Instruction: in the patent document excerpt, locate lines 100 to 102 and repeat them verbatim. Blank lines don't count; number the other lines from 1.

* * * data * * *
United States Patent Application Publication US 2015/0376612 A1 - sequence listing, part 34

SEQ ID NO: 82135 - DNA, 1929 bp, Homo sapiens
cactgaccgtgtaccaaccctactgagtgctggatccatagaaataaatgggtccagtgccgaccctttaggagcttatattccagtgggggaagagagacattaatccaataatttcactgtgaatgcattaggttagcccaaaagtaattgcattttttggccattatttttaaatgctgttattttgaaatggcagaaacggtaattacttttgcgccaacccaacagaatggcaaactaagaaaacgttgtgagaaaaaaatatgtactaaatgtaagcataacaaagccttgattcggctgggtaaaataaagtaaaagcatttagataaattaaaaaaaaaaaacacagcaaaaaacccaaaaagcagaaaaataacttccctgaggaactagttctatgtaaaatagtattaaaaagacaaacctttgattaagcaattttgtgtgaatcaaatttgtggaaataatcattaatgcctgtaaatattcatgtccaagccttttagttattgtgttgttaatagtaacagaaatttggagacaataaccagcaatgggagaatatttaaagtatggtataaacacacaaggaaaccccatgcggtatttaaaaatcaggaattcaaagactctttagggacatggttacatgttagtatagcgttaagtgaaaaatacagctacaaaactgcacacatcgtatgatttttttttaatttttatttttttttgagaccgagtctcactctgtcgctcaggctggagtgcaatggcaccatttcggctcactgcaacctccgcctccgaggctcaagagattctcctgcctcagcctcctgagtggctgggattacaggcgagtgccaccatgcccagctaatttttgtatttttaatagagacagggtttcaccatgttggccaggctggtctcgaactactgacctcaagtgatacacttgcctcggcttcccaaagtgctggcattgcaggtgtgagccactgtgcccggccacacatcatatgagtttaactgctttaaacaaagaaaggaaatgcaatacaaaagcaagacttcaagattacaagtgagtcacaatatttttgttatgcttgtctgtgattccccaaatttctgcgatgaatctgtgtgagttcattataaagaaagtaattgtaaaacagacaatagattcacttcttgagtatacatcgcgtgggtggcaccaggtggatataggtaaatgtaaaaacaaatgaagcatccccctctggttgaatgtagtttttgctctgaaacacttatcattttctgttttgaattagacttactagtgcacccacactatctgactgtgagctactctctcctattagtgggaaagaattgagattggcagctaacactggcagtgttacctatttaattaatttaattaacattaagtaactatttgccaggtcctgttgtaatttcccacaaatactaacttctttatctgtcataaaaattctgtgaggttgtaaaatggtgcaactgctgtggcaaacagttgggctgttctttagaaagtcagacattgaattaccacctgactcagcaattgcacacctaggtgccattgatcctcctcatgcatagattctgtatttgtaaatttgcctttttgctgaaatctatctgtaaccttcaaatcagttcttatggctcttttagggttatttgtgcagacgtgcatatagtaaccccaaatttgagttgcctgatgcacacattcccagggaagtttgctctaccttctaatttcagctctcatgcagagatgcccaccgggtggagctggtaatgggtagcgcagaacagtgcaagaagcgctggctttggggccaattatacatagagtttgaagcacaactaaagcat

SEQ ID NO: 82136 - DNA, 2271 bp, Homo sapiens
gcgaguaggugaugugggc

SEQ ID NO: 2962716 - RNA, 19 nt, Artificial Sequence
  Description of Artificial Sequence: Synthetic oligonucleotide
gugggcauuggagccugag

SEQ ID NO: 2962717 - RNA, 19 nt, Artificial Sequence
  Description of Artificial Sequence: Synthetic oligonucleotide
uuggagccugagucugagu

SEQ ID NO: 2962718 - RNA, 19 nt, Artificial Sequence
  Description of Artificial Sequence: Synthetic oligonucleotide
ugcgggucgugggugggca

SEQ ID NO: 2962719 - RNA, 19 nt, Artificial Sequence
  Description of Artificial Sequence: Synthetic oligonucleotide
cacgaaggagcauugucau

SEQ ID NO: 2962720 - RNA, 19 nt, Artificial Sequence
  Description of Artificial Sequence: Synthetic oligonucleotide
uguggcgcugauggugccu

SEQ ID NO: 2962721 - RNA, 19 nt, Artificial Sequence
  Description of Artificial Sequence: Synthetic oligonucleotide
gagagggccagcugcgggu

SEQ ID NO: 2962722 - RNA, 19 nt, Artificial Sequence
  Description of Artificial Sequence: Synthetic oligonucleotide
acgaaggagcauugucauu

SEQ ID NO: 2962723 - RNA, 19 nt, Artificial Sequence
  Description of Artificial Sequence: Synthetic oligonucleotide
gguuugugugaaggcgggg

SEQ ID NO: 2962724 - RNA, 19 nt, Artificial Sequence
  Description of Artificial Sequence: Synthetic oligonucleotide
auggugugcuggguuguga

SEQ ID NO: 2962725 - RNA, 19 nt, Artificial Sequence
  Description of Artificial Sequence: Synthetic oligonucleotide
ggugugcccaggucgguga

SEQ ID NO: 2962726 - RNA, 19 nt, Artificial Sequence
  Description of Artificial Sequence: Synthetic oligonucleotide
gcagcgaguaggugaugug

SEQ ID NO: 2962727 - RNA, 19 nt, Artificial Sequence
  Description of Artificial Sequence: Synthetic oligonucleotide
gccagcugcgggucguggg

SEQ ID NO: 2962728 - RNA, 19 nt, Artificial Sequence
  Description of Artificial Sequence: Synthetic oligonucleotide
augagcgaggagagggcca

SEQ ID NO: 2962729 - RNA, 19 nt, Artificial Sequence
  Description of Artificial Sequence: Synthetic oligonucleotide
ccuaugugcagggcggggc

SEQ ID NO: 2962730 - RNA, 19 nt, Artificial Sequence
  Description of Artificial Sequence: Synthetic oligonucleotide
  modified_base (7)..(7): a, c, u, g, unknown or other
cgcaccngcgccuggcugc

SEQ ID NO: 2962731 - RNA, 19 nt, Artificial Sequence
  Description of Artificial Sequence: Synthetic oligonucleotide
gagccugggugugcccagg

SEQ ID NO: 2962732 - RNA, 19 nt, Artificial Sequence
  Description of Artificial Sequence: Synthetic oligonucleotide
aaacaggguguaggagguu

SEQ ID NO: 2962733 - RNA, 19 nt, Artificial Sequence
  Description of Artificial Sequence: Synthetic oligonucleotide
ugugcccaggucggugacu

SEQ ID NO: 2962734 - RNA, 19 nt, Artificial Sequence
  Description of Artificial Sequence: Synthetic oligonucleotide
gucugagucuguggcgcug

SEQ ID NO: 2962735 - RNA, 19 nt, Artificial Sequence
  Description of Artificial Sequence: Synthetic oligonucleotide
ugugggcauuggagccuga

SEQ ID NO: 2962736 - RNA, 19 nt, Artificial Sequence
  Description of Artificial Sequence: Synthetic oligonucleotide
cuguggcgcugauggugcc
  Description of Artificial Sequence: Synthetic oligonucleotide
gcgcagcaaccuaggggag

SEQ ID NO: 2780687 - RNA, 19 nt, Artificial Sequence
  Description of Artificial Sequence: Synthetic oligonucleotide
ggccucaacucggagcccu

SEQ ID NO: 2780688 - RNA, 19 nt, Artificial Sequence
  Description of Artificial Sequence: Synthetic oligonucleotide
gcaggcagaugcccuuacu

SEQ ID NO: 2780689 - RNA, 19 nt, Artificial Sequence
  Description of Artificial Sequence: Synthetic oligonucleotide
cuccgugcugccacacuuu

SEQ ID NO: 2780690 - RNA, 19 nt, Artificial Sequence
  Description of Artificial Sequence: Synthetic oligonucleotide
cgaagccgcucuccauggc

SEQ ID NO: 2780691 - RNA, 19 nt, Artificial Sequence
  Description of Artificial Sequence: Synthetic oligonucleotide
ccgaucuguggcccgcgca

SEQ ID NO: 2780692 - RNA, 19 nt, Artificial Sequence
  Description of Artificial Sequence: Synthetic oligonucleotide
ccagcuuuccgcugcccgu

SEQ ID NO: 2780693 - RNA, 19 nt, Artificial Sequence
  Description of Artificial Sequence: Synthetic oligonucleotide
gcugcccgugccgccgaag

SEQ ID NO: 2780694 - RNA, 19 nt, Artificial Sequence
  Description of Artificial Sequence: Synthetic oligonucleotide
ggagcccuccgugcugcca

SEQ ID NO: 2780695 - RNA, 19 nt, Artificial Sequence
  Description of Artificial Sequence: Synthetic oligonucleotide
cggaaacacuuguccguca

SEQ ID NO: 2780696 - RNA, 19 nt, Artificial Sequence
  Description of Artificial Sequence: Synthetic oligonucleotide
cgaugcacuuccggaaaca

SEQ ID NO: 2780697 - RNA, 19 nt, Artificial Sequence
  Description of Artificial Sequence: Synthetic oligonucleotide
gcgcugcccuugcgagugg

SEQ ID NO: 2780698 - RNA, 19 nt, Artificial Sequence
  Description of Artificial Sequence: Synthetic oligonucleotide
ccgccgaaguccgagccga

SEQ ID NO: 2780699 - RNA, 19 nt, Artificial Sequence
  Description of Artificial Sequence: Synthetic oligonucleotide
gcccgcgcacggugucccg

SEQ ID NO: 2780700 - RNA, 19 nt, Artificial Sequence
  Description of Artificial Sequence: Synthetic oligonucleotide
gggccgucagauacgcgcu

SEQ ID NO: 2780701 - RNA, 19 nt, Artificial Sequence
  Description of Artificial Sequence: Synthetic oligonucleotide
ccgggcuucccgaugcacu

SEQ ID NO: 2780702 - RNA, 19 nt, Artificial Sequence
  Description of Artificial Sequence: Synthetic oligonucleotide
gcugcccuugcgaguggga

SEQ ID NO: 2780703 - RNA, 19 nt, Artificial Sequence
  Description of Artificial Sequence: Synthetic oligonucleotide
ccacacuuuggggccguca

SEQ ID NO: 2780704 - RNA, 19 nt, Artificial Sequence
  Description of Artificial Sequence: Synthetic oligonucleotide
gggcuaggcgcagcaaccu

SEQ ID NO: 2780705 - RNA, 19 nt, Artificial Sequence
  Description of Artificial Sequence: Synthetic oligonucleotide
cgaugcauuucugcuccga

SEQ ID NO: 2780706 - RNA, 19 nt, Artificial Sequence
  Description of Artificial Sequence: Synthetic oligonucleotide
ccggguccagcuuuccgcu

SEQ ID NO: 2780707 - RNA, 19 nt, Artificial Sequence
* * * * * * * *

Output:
  Description of Artificial Sequence: Synthetic oligonucleotide
cgaugcacuuccggaaaca

SEQ ID NO: 2780697 - RNA, 19 nt, Artificial Sequence